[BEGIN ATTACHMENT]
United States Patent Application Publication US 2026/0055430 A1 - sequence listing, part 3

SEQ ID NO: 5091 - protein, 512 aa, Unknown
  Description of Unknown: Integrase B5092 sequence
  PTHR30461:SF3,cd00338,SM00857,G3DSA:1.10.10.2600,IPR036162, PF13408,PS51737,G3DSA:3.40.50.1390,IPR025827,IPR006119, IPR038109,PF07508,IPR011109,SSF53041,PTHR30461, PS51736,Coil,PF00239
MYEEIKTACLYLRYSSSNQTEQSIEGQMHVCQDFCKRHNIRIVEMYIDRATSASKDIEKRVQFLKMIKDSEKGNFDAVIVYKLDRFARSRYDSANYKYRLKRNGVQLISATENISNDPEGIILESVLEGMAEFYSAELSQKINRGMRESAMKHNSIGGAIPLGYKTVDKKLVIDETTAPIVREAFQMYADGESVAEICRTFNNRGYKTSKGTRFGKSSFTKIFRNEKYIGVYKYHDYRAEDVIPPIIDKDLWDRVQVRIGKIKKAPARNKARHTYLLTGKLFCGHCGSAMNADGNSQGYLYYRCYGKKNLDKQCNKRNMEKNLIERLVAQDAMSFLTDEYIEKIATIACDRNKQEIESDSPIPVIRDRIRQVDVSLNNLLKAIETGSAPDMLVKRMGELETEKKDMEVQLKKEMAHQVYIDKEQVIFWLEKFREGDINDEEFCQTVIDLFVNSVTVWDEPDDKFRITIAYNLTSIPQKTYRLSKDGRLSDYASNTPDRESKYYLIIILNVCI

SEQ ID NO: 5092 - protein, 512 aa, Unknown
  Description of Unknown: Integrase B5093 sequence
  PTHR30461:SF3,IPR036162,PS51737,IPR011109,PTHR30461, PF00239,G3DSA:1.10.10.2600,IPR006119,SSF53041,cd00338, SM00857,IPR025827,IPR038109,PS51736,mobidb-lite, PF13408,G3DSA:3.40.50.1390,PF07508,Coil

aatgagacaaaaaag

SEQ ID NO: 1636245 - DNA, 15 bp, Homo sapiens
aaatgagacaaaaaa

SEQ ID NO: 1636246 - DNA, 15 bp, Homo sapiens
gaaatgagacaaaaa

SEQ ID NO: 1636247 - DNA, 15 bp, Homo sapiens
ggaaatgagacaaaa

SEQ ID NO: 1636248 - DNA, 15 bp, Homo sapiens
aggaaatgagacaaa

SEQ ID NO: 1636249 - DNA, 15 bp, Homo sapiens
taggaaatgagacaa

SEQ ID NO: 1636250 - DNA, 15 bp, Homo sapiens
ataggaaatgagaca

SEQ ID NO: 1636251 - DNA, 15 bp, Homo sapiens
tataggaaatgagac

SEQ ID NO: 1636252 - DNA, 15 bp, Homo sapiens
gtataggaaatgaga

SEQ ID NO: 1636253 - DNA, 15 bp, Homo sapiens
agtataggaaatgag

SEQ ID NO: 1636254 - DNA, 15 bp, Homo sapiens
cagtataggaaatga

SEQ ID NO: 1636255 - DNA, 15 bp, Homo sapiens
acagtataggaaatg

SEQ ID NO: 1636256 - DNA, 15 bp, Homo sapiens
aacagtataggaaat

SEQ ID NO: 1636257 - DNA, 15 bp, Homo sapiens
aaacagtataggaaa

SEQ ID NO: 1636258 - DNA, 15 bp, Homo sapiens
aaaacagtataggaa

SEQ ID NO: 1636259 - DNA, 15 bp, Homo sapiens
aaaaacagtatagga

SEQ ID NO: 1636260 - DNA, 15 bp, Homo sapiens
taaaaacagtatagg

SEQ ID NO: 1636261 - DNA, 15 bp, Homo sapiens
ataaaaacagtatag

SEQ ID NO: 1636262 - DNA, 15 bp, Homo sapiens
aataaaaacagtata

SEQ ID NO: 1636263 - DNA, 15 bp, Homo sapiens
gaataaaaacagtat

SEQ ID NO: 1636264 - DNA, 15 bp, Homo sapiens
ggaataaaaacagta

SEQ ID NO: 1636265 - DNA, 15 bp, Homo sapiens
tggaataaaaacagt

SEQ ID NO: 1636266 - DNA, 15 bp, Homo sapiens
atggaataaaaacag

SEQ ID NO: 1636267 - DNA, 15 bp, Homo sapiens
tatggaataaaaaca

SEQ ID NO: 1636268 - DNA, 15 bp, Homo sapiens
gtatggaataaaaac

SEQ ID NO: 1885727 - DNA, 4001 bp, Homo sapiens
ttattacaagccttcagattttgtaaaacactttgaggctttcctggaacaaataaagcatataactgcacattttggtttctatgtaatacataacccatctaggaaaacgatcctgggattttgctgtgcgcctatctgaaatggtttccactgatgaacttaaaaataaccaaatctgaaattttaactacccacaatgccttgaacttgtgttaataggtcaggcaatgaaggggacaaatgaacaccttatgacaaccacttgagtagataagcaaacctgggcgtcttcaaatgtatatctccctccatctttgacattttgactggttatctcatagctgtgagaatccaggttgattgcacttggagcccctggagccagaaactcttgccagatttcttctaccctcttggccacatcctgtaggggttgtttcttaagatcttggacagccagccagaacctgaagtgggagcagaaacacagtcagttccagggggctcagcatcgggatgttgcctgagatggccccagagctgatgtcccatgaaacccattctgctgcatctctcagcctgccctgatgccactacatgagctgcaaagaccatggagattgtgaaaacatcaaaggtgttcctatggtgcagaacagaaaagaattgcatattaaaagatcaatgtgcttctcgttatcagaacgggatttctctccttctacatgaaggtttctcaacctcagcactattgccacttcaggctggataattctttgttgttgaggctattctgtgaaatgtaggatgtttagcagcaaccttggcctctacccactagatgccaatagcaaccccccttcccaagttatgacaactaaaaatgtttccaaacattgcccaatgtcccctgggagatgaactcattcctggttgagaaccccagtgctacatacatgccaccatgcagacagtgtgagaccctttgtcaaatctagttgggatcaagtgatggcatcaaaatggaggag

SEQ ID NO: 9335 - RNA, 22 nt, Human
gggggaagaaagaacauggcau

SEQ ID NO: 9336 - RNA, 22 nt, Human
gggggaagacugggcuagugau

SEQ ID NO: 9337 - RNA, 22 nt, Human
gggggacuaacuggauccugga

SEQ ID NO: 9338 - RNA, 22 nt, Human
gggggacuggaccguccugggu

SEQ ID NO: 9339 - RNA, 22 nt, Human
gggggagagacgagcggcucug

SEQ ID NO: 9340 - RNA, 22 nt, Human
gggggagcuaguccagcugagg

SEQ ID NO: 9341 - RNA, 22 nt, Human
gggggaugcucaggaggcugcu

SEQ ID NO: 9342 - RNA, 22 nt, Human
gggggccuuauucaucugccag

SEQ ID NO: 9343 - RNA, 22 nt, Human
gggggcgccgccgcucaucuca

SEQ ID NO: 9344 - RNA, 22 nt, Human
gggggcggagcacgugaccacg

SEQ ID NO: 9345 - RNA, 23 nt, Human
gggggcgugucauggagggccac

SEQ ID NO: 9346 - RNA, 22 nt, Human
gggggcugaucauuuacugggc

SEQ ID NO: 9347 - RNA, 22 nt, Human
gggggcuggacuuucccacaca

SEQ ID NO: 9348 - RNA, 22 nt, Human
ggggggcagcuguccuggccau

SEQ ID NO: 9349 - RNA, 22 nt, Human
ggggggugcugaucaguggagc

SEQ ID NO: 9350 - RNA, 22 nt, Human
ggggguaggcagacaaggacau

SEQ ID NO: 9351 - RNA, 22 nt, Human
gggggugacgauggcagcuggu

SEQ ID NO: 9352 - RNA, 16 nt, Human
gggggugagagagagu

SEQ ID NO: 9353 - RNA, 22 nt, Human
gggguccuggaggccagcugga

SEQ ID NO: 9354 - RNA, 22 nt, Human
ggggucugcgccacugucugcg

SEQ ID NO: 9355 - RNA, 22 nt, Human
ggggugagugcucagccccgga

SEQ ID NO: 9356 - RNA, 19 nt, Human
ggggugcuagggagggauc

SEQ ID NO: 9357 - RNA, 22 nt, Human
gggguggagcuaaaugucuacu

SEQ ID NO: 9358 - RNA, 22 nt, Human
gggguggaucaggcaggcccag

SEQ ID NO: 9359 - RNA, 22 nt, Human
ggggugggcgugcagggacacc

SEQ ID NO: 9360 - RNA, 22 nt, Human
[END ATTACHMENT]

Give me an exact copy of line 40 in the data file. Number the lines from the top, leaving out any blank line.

SEQ ID NO: 1636260 - DNA, 15 bp, Homo sapiens